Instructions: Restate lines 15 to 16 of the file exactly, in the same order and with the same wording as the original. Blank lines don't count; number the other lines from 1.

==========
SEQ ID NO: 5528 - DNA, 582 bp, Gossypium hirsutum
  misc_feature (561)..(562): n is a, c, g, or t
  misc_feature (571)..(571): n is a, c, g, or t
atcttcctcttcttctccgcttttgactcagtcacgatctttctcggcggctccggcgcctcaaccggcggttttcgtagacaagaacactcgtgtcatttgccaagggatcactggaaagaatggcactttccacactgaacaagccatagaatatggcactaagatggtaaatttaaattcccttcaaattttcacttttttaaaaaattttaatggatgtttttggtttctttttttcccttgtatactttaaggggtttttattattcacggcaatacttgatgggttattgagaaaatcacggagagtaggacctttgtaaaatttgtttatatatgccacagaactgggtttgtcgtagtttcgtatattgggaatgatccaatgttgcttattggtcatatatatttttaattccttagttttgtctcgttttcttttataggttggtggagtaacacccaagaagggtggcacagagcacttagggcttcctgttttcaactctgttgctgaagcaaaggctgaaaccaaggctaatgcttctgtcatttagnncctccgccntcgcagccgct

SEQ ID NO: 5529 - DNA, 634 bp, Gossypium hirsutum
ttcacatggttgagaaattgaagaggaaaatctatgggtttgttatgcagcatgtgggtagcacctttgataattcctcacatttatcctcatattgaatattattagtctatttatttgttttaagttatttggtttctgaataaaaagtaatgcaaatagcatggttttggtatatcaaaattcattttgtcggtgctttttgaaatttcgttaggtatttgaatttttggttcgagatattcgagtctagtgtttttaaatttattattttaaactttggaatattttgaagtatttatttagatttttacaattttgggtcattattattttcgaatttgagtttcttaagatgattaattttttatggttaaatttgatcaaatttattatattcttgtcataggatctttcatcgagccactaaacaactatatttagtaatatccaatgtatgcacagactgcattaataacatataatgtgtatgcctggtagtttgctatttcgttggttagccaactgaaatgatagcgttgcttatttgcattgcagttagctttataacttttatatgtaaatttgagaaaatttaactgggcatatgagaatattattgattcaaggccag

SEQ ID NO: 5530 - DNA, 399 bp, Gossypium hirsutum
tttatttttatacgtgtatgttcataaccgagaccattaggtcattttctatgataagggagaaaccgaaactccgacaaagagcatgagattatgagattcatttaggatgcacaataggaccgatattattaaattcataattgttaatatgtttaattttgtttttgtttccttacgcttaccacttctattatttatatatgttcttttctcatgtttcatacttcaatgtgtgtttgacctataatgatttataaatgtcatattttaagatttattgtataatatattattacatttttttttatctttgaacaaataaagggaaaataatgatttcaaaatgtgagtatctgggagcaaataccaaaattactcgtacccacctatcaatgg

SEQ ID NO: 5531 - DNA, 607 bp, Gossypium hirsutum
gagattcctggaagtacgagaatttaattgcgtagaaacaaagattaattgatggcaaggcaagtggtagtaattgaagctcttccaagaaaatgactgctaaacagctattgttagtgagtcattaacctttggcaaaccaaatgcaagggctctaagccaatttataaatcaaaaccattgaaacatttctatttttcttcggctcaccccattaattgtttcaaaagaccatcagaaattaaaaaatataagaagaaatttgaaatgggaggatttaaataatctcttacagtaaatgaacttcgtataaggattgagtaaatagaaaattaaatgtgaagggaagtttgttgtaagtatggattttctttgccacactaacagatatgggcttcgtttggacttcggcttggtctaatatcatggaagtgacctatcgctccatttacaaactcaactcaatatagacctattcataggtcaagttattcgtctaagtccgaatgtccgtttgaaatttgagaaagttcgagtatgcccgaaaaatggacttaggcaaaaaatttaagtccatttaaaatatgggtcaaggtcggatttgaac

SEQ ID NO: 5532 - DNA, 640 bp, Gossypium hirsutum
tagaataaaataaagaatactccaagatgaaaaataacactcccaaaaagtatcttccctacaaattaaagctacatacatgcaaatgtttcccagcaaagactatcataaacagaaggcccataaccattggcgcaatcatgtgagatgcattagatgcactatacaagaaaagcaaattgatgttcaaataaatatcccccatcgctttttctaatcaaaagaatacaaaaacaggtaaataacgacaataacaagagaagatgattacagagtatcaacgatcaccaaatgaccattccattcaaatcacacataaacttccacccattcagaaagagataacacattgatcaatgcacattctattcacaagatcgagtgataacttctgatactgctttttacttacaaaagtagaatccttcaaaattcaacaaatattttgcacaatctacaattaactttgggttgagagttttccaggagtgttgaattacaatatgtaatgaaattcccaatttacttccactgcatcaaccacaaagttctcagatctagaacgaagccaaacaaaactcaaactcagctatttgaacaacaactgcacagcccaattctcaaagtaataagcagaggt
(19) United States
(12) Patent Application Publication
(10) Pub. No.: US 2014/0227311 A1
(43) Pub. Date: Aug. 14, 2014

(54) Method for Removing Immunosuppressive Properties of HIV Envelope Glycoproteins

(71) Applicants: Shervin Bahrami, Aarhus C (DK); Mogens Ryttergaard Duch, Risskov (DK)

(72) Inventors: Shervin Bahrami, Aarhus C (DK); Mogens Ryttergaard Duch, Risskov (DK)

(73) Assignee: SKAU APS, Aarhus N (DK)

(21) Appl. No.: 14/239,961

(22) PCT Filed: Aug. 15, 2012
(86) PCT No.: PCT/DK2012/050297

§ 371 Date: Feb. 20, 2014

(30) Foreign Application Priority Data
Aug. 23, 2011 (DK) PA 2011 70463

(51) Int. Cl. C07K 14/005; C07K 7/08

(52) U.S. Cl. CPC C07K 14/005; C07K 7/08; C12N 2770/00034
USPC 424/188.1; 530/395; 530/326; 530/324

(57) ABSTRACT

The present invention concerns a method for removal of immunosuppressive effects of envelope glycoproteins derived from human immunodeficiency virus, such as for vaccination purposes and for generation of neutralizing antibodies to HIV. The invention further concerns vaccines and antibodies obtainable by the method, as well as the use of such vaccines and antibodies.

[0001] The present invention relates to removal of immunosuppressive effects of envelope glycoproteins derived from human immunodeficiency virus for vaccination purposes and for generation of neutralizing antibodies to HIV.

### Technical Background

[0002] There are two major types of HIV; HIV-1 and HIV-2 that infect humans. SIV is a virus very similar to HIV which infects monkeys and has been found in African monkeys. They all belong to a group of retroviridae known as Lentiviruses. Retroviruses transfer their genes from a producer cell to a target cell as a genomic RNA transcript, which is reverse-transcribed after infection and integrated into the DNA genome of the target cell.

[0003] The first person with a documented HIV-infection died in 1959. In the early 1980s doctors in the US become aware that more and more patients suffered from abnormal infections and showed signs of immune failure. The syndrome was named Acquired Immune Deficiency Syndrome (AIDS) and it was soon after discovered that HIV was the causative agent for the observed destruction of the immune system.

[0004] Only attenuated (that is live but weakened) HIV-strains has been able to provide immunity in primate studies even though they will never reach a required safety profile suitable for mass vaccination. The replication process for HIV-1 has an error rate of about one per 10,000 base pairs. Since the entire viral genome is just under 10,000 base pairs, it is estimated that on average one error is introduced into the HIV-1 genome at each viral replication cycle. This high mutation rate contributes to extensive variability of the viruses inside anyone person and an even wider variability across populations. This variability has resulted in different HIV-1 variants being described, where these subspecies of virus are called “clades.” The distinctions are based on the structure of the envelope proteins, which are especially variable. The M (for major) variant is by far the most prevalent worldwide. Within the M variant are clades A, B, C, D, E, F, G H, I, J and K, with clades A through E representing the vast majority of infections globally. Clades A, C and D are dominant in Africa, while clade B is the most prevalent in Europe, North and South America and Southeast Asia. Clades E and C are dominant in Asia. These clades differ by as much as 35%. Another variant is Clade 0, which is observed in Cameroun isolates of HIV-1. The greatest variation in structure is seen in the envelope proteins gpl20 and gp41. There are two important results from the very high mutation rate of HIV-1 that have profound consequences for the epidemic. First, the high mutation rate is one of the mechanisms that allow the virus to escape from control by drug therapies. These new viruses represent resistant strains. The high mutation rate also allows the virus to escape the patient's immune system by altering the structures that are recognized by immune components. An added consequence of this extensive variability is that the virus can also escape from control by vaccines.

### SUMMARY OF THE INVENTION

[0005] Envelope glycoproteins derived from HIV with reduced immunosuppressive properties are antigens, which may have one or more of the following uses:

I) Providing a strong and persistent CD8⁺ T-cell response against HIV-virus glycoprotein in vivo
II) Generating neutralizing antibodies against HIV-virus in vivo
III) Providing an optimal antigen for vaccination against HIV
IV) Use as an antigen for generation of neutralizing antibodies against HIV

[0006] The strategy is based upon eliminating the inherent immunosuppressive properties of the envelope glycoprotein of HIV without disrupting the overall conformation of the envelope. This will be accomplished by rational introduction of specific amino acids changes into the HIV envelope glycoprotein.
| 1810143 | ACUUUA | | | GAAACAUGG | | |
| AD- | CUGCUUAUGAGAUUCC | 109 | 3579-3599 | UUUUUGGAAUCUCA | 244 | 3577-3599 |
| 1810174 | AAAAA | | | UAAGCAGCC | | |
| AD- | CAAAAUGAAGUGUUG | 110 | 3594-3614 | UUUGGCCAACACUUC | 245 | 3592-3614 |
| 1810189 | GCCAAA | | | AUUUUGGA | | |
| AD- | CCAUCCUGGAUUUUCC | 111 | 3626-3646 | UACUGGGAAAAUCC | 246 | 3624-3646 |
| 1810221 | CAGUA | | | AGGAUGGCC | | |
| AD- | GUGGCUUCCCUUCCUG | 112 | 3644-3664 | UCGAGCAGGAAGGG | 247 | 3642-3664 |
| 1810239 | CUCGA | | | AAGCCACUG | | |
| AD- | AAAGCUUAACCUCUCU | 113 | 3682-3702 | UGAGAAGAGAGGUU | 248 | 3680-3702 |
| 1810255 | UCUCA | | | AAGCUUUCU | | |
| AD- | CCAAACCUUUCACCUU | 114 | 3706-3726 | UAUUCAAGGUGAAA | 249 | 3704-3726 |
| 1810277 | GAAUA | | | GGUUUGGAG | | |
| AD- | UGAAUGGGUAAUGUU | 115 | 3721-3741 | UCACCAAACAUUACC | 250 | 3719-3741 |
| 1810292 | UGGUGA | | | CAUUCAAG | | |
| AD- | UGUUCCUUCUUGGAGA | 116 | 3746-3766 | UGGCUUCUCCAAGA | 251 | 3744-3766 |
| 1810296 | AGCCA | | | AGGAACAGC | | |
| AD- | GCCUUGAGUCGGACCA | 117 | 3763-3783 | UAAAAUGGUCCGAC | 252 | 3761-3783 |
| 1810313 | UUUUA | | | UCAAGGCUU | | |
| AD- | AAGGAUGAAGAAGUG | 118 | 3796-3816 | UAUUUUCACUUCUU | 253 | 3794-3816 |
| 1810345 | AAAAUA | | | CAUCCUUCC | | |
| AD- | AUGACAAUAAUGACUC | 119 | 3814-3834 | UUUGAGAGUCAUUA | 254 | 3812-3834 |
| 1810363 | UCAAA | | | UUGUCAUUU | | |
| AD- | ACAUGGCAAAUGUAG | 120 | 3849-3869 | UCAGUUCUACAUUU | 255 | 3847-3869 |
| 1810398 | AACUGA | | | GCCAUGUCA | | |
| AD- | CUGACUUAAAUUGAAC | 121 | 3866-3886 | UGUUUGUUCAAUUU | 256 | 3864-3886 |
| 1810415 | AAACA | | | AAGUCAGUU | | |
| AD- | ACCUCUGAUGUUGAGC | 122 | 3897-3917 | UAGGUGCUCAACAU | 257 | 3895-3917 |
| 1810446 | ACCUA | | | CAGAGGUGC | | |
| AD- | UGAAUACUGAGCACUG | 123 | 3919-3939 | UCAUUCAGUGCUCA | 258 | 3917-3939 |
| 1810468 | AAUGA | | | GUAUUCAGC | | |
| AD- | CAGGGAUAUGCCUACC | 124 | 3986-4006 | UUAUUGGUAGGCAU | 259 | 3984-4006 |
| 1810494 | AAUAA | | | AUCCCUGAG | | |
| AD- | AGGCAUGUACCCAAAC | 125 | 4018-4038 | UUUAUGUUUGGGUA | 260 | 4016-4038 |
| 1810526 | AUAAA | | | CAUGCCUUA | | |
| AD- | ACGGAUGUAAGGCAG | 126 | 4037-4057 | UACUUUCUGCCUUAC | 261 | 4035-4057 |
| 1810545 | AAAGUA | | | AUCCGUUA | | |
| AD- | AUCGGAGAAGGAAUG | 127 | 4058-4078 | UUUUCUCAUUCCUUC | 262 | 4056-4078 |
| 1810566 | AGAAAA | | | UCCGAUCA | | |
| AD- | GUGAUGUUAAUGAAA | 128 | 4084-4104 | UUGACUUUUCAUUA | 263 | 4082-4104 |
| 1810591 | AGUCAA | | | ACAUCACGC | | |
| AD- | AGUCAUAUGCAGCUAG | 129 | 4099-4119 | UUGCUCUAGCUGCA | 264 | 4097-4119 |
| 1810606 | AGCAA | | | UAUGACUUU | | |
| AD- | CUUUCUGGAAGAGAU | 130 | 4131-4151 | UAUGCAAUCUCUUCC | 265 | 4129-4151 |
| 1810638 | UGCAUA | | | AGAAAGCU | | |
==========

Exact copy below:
(10) Pub. No.: US 2014/0227311 A1
(43) Pub. Date: Aug. 14, 2014